Opened in January 2018, Chef/Owners John and Elise Russ collaborated with Architect Ron Bechtol to design this 1,550-square-foot neighborhood restaurant. Natural light from floor-to-ceiling windows floods the 56-seat, minimalist dining area that features an open kitchen and a four-seat marble chef’s counter as well as custom-built, white-washed wood tables and silver chairs. Three large round perforated metal circles suspended from the ceiling provide some privacy and sound absorption.
Shades of blue and gray with pops of orange pair with a blue and white tiled floor, all brightly lit by a combination of recessed LED lighting and Edison bulbs. Illustrations from Kraken Black Spice Rum logo designer Steven Noble were replicated onto a 10-foot-by-12-foot canvas by local tattoo artist Kelly Edwards for a focal piece.
Images courtesy of Chelsea Francis
For this funky restaurant, opened in 2016, Hillary Conrey of Courtney + Company Design took inspiration from Chef/Owner Geronimo Lopez’s love of Nikkei cuisine, the combination of Peruvian and Japanese foods. Nikkei-inspired elements include custom-made Japanese-style screens; dragon print wallpaper; framed, vintage hand-painted kimonos with Peruvian pom-poms; basket-style chandeliers and pendants; and pops of vibrant color to create a dynamic representation of both cultures. The open kitchen forms the heart of the restaurant with bar seating and tables nearby while a space in the back of the restaurant is closed off with the aforementioned custom screens to create a private dining space. The dining room features blue ombre-channeled banquettes and bar panels that were made with reclaimed wood painted in various colors for an abstract wall. PetLamp chandeliers, handmade by Colombian artists using recycled plastic bottles and woven with natural fibers add color and texture. The external vinyl window art panels, the logo and the dragon above the kitchen were designed and installed by Hilmy, a local design firm and branding agency.
Images courtesy of Botika
Opened in 2016, Dado Group architects and Giles-Parscale interiors sought to redevelop this former 1800s brewery into an urban sanctuary for wine lovers situated on the ground floor of a mixed-use building. The 1,300-square-foot shotgun space — less than 20 feet wide — was transformed into a sophisticated wine and charcuterie restaurant featuring a long, linear wine bar outfitted with raw steel, brass and reclaimed wood from the former brewery’s warehouse. A glassed-in, temperature-controlled cellar stores 1,695 bottles of wine, which can be seen from the bar, while a garage door-sized window can open to bring in a fresh breeze and unfold the bar out onto the bustling courtyard that’s surrounded by other restaurants and shops. A long steel banquette runs along the wall opposite the bar and is broken up by backlit perforated brass inlays.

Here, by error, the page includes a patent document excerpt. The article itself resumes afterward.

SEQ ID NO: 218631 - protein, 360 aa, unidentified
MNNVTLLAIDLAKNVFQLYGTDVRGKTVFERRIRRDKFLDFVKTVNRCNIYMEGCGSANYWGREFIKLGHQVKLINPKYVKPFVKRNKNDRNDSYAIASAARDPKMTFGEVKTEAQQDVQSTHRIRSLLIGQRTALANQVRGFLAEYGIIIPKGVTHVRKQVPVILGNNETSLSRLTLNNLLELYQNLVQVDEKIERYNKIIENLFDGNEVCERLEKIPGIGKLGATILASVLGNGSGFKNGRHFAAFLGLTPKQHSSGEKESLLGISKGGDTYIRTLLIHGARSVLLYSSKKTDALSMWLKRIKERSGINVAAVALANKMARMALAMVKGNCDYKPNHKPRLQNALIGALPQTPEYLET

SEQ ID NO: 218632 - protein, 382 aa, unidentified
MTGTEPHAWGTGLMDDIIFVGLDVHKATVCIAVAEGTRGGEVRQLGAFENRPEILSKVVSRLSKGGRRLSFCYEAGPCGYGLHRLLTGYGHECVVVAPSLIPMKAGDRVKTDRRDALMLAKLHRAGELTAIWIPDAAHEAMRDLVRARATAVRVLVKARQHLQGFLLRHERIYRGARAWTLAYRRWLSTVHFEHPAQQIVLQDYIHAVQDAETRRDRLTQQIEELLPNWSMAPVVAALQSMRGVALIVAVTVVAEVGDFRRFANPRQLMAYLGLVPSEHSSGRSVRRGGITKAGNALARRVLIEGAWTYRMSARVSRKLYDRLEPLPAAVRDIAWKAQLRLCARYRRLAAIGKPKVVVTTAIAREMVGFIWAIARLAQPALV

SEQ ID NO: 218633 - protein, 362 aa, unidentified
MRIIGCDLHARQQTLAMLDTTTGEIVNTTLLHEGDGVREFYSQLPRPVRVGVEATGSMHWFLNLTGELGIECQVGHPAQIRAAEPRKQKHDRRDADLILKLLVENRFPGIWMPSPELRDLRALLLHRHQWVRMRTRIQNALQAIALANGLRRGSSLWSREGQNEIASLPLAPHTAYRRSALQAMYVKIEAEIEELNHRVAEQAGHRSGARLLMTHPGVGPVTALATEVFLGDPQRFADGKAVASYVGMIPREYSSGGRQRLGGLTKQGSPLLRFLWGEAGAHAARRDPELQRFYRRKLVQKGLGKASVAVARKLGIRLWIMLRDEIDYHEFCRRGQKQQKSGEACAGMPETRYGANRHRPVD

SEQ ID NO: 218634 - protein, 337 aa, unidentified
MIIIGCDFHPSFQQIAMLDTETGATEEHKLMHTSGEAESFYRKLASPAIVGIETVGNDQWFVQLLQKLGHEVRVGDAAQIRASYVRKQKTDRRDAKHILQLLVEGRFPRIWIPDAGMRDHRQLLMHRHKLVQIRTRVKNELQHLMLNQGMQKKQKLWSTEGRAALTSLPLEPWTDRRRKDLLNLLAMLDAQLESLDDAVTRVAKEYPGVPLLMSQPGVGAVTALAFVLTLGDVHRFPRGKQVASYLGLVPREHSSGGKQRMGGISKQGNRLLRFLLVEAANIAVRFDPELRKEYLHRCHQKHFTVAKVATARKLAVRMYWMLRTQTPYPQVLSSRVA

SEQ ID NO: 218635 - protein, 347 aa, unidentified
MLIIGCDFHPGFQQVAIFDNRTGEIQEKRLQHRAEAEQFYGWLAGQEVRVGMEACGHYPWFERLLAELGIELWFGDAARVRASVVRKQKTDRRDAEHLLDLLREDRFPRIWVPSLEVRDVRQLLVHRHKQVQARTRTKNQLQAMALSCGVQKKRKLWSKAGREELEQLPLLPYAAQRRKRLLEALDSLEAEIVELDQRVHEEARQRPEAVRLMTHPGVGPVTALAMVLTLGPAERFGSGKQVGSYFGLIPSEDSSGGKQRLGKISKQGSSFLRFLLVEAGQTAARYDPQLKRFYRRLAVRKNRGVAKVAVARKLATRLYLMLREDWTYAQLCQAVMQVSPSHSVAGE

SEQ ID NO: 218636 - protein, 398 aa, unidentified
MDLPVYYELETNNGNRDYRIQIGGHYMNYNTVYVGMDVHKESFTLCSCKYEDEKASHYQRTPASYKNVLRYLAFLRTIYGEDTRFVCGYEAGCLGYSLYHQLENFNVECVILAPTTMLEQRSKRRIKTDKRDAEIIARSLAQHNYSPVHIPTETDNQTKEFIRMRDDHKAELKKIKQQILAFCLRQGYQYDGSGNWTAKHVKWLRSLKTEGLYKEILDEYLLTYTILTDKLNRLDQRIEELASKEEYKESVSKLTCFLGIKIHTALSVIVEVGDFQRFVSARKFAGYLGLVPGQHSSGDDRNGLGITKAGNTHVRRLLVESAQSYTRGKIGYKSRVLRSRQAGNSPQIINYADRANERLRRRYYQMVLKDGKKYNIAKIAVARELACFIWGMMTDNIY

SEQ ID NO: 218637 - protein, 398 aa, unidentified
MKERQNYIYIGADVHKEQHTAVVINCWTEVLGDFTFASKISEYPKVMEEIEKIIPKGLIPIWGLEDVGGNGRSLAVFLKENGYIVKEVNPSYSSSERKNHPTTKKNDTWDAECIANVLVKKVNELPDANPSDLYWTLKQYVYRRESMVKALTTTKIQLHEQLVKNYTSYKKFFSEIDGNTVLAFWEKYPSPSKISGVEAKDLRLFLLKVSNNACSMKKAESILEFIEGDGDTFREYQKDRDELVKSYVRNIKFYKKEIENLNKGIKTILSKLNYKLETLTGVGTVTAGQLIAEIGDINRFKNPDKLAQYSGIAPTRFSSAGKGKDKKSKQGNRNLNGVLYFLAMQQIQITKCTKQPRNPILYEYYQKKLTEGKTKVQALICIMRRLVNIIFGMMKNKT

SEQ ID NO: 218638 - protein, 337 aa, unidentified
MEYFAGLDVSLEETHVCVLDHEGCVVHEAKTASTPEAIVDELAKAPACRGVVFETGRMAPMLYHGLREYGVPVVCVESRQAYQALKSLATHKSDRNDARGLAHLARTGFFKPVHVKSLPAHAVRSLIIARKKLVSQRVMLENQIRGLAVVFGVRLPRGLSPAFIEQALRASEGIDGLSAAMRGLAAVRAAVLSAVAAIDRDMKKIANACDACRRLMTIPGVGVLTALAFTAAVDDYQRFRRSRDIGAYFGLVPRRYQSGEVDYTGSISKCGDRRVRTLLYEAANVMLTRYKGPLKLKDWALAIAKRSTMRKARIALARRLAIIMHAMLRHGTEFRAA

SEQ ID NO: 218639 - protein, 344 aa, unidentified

Images courtesy of Dror Baldinger
This 2,200-square-foot downtown pizza restaurant was a combination historic renovation and addition. Telling the story of the historic OK Bar, originally built in 1890, while also creating a vibrant space within Hemisfair Park was the goal of the design team consisting of Dado Group and owners of Dough Pizzeria Napoletana. Located near the Yanaguana Garden, an active play environment, a shed roof was added to create a porch that connects guests to the park. Inside, copper accents, Edison bulbs, industrial steel, exposed piping, rich wood and exposed brick match the historical exterior. A brightly back-lit bar with an “OK” hand symbol mural creates a focal point for the space, anchored by a visible, wood-fired, tiled, dome pizza oven for the Neapolitan-style pizzas.
Images courtesy of Dror Baldinger
Owner Damien Watel moved his 20-year-old bistro from a self-described “hole in the wall” to a new 3,000-square-foot space in March 2019. Designed by Watel himself, the concept blends casual French brasserie elements with modern touches. The three distinct spaces include a lively bar as well as a posh, 100-seat dining room and a 40-seat outdoor patio with its own bar. In classic brasserie fashion, black and white colors and tiling dominate the space while bright yellow chairs and gold detailing at the bar offer pops of color. The lighting blends LED cans, sputnik chandeliers and large custom fixtures to dress up ceiling supports. Pieces painted by Watel himself decorate the walls.
Images courtesy of Greg Harrison